20 August 2005

Factcheck squared redux

Close readers of my blog may recall that I dissed FactCheck.org for dropping the ball about Social Security. The Decemberist lays a mighty smackdown on them, if you're interested.
Is factcheck.org politically biased? I don't know, but my guess would be that it's not. The problem is that they get played, and I think the GOP has been more aggressive about playing them. If you set yourself up as the last word on the truth or falsehood of ads, you will immediately be the addresse of a lot of spin. Factcheck obviously wants to respond quickly, and they want to respond with clear assertions of truth or falsehood, unlike many of the newspaper "ad watch" projects which are so mealy-mouthed that a reader winds up more confused after reading it than before. But trying to fulfill those two goals, its far too easy to read the first spin that comes in on the fax, conclude that it sounds persuasive, and run with it.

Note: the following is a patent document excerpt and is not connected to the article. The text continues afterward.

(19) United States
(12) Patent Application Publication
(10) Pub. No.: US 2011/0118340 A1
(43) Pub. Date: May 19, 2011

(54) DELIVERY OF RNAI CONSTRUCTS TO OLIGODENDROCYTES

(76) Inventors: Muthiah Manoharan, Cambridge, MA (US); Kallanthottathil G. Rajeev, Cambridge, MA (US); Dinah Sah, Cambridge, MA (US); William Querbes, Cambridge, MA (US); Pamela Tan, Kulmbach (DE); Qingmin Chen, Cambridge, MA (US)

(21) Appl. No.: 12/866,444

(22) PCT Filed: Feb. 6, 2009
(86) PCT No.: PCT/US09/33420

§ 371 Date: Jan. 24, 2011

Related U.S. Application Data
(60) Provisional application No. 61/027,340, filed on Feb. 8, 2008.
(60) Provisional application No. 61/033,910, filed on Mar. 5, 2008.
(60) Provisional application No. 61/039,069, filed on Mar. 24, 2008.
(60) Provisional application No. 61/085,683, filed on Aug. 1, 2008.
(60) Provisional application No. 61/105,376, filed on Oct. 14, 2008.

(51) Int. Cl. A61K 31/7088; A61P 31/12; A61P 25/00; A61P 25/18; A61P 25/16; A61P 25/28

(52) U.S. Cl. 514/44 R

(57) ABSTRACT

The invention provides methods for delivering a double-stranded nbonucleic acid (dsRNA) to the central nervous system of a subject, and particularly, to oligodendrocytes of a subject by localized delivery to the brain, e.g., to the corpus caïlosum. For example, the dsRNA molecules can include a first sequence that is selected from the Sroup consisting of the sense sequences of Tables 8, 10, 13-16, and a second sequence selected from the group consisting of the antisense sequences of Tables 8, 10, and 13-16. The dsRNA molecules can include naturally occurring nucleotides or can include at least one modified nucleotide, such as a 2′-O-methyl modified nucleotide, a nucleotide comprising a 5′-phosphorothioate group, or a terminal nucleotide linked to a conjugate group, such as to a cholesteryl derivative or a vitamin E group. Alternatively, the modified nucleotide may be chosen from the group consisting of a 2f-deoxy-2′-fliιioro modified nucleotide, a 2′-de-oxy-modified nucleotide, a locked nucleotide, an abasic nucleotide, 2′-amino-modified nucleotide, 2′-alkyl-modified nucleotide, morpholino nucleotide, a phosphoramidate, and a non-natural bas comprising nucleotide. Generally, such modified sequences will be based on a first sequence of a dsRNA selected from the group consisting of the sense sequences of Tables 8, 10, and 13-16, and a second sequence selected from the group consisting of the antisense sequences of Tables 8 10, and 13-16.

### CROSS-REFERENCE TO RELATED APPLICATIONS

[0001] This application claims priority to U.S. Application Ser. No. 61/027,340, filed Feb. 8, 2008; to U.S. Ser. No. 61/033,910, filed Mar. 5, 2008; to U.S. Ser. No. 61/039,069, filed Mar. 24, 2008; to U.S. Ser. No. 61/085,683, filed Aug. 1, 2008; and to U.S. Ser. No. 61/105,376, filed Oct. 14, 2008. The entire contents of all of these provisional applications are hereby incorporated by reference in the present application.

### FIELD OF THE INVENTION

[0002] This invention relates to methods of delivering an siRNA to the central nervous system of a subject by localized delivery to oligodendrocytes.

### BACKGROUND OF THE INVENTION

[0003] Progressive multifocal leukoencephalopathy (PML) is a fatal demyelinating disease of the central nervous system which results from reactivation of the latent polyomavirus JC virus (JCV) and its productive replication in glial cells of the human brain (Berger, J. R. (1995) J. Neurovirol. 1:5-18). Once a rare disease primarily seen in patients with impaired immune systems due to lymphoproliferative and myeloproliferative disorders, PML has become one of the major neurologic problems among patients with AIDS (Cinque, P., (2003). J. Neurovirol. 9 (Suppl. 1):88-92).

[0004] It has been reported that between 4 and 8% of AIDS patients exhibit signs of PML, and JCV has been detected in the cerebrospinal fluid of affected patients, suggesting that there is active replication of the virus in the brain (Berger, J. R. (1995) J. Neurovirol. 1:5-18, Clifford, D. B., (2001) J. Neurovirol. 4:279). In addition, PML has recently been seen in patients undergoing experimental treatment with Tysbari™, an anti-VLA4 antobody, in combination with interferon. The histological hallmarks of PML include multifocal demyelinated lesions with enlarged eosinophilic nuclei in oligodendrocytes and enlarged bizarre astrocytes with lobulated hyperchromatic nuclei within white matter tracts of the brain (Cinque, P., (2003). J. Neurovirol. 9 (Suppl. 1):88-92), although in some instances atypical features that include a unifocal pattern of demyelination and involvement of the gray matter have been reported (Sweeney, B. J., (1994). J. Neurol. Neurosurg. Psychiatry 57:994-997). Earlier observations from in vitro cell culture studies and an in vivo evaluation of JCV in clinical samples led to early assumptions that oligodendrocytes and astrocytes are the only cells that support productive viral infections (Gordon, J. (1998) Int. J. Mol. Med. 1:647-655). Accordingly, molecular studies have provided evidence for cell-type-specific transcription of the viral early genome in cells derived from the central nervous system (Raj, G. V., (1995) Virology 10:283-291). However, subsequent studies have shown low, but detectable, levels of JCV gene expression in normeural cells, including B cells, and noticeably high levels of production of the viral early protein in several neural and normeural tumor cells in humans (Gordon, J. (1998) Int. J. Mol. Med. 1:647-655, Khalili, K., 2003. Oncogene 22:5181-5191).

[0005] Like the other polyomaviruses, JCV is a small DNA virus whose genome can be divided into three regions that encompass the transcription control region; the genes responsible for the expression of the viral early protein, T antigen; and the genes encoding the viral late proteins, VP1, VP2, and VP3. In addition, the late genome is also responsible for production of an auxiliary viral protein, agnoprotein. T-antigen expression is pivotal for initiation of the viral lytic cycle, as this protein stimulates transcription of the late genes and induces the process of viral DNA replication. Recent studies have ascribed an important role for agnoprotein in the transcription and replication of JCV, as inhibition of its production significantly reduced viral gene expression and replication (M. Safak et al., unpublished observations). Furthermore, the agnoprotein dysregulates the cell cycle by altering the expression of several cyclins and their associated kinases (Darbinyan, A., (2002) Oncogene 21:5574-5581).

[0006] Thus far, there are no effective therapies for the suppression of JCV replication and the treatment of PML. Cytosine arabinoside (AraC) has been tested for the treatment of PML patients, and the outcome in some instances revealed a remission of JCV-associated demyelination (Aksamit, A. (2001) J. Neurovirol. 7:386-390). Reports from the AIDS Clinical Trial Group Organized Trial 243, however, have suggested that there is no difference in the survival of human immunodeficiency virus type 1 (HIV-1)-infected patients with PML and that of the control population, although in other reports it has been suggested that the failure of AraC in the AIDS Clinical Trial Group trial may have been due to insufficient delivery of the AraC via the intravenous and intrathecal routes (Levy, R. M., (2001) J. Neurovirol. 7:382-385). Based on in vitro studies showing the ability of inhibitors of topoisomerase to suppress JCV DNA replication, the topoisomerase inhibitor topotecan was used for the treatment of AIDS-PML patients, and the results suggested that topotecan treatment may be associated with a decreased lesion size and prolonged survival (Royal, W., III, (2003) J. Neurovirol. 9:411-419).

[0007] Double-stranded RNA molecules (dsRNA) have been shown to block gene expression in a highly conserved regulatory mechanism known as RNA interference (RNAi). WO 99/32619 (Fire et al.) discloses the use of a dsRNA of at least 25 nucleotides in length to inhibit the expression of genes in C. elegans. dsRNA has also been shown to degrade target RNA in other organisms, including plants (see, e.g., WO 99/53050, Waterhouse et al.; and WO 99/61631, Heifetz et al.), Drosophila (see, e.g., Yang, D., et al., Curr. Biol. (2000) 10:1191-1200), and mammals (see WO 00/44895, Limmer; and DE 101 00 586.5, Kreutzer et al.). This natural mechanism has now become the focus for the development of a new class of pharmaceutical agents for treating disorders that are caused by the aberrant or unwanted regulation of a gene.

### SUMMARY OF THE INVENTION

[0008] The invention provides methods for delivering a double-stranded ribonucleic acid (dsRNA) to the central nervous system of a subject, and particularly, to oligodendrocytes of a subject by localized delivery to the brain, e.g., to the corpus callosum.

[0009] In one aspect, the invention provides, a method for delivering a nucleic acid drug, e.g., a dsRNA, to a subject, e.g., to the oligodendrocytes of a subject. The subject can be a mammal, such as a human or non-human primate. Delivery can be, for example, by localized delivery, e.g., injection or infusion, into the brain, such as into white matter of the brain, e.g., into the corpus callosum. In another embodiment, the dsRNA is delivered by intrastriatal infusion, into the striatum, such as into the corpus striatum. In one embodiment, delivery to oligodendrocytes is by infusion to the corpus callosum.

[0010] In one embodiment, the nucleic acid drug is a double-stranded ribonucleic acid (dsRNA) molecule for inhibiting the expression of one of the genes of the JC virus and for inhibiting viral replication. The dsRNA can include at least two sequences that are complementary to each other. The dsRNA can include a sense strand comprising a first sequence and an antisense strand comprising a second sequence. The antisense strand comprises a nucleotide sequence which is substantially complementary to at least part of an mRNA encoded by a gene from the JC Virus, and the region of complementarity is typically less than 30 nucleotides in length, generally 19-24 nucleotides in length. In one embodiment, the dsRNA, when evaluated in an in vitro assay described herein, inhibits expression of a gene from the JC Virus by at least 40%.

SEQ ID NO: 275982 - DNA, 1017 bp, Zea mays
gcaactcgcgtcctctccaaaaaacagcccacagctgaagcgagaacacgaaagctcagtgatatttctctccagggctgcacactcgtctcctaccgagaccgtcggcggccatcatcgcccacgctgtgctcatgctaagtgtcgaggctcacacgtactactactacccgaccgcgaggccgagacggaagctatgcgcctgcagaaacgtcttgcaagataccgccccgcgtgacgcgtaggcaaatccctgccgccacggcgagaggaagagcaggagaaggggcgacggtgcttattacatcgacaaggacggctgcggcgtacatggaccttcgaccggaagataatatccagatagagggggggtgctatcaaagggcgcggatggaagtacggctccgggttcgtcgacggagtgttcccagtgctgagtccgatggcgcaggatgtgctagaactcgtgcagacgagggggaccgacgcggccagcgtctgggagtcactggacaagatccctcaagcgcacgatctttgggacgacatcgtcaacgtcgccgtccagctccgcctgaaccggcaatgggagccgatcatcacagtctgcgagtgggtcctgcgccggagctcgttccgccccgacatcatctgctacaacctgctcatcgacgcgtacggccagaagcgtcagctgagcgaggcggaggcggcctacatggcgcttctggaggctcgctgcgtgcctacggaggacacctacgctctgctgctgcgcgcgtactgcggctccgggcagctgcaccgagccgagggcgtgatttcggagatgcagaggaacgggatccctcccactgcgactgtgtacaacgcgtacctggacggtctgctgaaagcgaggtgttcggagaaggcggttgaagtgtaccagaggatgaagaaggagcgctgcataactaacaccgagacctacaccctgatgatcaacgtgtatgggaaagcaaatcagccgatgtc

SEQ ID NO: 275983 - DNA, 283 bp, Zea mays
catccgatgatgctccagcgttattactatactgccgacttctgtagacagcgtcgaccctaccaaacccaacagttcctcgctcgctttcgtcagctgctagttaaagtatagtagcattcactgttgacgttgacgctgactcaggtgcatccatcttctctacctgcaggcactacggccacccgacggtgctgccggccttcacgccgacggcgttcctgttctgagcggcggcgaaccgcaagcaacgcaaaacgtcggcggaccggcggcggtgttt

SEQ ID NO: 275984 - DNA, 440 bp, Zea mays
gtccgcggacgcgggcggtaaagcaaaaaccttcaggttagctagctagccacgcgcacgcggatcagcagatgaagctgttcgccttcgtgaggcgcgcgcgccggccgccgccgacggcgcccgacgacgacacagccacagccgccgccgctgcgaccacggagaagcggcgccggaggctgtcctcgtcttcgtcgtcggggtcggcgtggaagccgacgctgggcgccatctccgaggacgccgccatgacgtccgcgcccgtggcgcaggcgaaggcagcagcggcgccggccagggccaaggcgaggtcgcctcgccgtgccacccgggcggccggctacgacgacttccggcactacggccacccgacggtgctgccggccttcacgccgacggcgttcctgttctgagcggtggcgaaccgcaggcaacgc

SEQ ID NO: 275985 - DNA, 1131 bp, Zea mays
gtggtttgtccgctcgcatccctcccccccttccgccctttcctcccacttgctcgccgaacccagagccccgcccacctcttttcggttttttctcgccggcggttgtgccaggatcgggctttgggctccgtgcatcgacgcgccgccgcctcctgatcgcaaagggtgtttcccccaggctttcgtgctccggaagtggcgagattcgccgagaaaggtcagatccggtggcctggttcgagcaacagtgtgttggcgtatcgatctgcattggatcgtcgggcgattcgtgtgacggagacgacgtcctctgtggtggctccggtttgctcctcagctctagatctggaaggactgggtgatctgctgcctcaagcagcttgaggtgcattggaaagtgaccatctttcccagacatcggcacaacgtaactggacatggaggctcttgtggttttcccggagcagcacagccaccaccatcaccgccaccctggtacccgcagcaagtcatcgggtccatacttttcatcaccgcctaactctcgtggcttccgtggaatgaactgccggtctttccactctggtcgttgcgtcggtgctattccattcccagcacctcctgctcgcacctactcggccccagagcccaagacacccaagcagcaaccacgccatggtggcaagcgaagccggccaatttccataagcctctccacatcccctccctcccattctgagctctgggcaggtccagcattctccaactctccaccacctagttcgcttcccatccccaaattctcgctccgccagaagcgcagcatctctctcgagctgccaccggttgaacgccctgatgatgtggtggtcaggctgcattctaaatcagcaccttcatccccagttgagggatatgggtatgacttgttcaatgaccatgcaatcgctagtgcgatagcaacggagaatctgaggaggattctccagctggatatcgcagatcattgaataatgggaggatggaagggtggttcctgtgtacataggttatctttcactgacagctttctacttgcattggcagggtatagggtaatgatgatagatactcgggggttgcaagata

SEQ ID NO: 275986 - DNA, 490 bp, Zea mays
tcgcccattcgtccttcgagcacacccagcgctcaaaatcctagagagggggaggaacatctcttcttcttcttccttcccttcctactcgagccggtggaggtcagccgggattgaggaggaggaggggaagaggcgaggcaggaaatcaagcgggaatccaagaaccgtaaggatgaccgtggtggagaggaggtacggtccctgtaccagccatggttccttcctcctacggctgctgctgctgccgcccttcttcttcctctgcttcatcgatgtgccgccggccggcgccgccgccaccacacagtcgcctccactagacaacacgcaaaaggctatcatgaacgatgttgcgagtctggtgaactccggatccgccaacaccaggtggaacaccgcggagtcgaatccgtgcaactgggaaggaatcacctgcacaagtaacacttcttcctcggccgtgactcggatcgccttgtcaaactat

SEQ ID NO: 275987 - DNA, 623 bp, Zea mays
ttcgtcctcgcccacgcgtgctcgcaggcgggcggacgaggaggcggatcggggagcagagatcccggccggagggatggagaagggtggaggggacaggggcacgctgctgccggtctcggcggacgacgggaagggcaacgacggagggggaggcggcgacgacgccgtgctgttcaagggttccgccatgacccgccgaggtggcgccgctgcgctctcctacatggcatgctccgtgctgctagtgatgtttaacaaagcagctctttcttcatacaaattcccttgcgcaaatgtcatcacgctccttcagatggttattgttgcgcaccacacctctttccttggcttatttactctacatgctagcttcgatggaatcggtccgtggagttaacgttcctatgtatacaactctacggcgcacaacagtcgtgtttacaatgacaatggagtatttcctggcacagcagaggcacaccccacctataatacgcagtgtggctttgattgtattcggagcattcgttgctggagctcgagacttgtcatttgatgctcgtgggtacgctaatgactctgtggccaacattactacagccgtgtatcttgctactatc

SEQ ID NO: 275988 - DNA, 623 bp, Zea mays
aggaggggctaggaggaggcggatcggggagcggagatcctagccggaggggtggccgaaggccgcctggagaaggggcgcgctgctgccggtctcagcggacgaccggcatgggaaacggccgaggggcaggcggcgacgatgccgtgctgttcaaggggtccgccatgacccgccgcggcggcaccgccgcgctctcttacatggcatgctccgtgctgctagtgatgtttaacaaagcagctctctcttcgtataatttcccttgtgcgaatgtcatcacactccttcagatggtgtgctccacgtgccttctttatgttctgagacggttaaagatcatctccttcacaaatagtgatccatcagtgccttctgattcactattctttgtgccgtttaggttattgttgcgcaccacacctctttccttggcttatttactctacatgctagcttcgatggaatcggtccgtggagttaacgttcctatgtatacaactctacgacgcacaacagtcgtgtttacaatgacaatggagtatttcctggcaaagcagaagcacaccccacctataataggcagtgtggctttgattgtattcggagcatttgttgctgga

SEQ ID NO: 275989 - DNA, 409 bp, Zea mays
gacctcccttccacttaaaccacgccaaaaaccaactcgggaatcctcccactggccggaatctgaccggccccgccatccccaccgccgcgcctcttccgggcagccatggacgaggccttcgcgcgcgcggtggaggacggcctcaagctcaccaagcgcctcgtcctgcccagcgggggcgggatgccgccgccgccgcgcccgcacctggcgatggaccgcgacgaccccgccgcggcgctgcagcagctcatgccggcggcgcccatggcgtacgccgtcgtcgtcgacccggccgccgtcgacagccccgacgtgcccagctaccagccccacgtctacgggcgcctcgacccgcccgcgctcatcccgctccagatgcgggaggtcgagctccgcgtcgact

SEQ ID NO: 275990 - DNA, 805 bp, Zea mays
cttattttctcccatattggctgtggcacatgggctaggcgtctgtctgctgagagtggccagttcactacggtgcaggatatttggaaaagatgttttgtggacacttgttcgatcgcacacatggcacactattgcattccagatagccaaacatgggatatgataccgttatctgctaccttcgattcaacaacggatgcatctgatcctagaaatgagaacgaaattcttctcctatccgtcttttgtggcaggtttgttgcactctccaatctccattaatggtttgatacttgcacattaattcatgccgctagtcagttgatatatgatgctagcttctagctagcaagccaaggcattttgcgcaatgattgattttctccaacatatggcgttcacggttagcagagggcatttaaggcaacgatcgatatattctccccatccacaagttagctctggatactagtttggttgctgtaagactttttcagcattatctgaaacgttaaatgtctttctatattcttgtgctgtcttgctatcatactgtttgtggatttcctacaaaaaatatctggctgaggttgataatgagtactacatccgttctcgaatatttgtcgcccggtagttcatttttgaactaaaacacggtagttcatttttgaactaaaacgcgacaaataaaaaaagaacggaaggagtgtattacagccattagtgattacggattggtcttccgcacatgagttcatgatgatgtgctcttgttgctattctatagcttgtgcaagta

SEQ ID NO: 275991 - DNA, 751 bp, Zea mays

Newspapers make errors, blogs make errors, political ads stretch the truth and make errors. But to have the credibility to be the ultimate arbiter of truth in political discourse, factcheck.org has to be impeccable. They have to limit their assertions to things that can be said with certainty and they need to at the very least correct their errors immediately. Factcheck.org has forfeited the opportunity to play that role.

It breaks my heart, a bit: the site was a good idea.

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